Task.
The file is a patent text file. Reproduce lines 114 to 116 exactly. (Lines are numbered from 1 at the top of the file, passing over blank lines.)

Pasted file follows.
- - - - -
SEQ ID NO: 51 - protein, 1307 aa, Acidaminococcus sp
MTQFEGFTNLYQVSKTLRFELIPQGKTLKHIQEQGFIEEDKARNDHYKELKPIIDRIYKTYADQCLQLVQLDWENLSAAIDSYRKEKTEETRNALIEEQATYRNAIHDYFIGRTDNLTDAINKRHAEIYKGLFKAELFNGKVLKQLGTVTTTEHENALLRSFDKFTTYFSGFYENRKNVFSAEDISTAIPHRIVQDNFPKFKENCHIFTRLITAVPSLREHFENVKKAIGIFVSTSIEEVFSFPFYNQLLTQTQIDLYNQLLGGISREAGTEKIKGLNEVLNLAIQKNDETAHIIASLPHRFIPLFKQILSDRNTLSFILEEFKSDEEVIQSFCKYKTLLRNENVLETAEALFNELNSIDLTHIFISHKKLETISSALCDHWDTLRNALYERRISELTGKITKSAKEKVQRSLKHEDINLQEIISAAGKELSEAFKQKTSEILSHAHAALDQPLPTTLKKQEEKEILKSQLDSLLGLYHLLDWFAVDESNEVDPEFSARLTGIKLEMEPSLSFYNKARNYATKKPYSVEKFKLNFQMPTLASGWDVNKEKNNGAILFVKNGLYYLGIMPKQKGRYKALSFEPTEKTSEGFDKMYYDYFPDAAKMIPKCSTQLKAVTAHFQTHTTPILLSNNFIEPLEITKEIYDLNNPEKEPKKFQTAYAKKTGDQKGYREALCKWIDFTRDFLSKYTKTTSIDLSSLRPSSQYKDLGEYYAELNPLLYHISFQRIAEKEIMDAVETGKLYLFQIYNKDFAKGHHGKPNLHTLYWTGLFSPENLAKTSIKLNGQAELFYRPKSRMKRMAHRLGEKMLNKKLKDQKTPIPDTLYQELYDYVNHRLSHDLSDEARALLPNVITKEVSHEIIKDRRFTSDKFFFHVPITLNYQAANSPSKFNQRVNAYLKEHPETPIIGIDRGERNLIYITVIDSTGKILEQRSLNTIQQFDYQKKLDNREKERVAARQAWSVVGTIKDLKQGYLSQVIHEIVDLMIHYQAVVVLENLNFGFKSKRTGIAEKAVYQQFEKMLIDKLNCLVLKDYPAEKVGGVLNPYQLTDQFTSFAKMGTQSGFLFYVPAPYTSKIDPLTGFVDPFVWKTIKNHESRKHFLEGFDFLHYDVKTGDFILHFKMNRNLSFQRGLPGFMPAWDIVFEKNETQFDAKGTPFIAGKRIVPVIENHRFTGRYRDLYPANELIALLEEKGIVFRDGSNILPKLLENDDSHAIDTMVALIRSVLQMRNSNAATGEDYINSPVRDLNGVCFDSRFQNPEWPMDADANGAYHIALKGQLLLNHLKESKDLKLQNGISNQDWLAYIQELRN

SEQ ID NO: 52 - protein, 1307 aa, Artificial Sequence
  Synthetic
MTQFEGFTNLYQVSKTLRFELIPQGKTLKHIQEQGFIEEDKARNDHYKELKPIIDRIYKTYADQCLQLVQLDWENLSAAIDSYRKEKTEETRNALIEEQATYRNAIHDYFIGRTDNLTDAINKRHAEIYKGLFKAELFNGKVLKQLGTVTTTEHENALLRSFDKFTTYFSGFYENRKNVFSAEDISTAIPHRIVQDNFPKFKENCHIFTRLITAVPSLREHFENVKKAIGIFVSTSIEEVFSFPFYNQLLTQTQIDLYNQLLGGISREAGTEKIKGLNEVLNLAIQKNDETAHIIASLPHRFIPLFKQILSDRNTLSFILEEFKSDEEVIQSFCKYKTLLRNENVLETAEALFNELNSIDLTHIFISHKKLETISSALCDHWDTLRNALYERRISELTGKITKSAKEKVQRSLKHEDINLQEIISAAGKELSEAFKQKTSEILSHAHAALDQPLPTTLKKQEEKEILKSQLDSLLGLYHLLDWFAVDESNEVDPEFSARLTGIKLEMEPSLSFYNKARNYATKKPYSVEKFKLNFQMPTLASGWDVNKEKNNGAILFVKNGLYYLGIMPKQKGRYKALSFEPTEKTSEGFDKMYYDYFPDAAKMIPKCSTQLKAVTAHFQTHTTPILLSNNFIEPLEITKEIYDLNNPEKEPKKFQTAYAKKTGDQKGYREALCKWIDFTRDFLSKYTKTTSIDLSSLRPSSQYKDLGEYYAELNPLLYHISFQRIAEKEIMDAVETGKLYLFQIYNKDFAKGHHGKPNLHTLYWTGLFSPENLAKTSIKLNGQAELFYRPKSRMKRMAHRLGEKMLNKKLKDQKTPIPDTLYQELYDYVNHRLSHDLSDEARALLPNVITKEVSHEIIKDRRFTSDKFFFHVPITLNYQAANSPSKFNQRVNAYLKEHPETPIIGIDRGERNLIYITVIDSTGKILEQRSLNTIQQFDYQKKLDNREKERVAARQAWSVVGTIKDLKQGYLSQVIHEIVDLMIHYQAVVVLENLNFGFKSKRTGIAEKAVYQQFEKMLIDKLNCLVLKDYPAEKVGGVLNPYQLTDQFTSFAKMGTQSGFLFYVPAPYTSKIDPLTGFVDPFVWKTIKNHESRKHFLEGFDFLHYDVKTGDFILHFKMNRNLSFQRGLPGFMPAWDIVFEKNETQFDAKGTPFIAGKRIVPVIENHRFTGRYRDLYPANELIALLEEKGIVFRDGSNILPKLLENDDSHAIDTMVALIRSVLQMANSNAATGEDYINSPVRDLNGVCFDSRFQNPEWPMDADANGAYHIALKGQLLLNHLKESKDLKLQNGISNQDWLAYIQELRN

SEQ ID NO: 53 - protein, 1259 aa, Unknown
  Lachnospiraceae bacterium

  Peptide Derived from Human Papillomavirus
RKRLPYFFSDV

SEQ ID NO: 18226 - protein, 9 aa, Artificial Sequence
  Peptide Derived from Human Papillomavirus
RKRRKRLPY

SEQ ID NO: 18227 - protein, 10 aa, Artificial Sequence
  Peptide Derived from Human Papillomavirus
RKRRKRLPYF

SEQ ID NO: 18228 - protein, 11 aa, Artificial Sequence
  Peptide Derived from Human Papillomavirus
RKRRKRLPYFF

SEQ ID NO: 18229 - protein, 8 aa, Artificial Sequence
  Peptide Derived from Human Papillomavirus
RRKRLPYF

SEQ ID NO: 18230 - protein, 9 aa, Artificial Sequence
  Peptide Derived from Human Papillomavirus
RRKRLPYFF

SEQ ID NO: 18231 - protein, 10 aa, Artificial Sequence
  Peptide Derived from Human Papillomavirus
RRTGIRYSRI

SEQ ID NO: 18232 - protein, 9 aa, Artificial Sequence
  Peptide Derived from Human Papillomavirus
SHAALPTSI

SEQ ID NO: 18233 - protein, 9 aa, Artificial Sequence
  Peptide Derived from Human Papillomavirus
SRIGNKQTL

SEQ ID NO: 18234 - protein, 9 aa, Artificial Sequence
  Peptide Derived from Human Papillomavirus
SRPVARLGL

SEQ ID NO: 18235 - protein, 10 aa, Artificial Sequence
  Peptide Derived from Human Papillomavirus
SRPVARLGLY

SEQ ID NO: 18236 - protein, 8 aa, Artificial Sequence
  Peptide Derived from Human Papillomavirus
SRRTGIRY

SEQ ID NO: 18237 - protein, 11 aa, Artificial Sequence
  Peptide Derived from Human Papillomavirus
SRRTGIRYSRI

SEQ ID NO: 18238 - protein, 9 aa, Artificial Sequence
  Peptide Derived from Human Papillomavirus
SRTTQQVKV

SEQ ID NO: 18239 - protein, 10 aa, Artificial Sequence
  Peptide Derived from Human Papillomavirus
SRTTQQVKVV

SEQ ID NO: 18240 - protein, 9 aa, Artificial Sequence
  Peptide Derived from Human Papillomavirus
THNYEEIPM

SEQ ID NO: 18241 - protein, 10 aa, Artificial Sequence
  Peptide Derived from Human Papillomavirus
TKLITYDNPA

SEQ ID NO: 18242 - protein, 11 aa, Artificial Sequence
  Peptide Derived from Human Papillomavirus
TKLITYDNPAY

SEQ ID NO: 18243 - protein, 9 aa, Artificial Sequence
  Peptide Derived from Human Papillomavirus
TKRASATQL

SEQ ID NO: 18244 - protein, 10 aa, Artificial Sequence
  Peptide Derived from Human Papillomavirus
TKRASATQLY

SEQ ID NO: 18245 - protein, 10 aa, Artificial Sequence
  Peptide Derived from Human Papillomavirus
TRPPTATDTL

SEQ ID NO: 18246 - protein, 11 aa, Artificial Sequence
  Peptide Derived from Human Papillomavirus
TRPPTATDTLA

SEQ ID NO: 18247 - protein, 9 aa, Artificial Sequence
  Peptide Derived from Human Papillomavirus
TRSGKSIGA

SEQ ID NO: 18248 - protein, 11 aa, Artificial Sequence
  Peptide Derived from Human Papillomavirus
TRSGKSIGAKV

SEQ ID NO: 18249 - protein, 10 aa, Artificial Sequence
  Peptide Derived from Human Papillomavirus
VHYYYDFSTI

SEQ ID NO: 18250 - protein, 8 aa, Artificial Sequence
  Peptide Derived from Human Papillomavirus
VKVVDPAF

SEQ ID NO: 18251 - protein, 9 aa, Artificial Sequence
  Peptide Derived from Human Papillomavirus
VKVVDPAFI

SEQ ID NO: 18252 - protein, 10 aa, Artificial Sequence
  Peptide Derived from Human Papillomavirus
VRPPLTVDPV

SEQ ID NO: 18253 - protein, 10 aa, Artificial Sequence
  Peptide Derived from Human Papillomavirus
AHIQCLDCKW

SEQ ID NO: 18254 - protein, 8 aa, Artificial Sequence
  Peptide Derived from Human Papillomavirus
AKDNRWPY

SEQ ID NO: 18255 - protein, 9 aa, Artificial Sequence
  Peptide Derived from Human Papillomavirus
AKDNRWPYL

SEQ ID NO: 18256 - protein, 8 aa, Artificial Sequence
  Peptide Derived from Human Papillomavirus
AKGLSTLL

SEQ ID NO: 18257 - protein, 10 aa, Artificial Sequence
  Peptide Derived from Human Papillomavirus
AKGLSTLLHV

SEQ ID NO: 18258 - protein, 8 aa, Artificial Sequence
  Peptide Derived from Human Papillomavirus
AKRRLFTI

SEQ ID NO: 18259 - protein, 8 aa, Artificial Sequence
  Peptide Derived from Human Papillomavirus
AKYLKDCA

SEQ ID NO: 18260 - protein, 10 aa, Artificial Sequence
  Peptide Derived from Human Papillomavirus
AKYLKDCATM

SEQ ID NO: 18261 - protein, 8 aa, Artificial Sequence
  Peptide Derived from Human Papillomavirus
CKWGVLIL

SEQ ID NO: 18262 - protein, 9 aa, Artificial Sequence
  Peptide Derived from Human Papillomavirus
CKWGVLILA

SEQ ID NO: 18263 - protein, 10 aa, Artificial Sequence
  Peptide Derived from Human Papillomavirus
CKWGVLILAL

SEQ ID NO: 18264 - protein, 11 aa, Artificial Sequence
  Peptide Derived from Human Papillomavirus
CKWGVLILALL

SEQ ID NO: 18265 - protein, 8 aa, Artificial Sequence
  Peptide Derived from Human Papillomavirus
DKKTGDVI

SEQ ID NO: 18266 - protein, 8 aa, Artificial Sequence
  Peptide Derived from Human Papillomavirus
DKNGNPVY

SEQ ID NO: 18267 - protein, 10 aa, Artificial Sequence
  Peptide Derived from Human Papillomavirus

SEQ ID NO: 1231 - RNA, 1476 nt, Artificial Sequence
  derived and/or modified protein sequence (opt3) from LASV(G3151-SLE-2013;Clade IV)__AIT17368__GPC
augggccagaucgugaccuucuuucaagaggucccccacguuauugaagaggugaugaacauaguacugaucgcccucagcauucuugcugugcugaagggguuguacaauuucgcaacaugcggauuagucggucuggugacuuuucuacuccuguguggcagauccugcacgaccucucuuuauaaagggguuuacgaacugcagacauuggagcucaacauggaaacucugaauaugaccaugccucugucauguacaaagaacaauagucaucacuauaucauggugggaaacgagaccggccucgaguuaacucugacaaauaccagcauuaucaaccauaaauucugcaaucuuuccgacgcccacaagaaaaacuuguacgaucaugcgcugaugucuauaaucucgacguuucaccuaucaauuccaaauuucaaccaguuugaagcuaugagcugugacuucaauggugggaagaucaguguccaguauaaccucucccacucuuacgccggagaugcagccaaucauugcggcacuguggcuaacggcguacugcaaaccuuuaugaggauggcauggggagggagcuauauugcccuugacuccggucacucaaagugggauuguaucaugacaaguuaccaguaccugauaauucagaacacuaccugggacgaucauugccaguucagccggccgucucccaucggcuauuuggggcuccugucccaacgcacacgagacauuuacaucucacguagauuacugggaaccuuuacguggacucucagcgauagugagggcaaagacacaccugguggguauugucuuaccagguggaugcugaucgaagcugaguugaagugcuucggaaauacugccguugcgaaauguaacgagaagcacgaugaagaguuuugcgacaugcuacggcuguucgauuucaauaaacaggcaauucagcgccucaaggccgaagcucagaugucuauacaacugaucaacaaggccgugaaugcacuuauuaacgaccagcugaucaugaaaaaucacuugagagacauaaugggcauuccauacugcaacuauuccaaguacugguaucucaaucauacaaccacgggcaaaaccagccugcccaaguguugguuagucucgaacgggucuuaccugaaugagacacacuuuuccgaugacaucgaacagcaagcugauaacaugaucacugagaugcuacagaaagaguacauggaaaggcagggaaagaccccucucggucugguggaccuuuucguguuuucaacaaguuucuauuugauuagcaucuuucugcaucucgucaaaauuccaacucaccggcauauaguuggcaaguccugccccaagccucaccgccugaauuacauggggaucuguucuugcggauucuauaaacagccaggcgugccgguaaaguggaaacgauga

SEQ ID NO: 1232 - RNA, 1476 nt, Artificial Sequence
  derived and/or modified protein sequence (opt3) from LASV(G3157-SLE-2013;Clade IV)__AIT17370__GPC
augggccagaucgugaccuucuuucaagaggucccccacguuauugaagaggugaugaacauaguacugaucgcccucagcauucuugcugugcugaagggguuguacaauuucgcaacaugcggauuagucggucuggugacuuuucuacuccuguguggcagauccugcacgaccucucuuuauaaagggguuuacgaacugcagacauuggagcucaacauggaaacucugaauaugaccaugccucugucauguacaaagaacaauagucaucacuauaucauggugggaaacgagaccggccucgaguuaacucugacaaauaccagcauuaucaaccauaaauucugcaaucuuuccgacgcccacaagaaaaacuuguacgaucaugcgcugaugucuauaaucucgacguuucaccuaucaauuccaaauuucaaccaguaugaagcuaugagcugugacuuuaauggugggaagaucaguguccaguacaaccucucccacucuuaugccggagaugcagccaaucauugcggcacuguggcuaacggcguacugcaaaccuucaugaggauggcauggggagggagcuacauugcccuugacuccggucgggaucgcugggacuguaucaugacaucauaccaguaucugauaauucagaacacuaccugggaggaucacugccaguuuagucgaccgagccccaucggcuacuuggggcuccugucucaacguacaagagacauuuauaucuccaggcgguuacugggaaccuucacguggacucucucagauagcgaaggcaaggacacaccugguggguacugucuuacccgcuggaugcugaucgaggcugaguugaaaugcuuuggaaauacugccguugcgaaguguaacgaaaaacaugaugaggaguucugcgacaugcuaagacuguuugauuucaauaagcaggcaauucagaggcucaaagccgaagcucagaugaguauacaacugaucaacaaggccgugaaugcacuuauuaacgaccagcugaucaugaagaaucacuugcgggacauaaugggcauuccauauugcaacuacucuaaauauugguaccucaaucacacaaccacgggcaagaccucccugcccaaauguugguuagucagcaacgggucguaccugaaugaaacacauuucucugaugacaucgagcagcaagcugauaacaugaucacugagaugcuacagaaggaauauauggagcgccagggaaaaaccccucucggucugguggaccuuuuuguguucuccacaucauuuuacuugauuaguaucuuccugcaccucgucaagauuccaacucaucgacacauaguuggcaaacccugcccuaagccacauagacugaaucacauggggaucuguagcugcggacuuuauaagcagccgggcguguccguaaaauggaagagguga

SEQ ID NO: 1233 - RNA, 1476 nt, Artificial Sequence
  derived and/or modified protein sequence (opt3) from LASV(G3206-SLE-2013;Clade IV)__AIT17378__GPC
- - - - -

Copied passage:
AKYLKDCATM

SEQ ID NO: 18261 - protein, 8 aa, Artificial Sequence
  Peptide Derived from Human Papillomavirus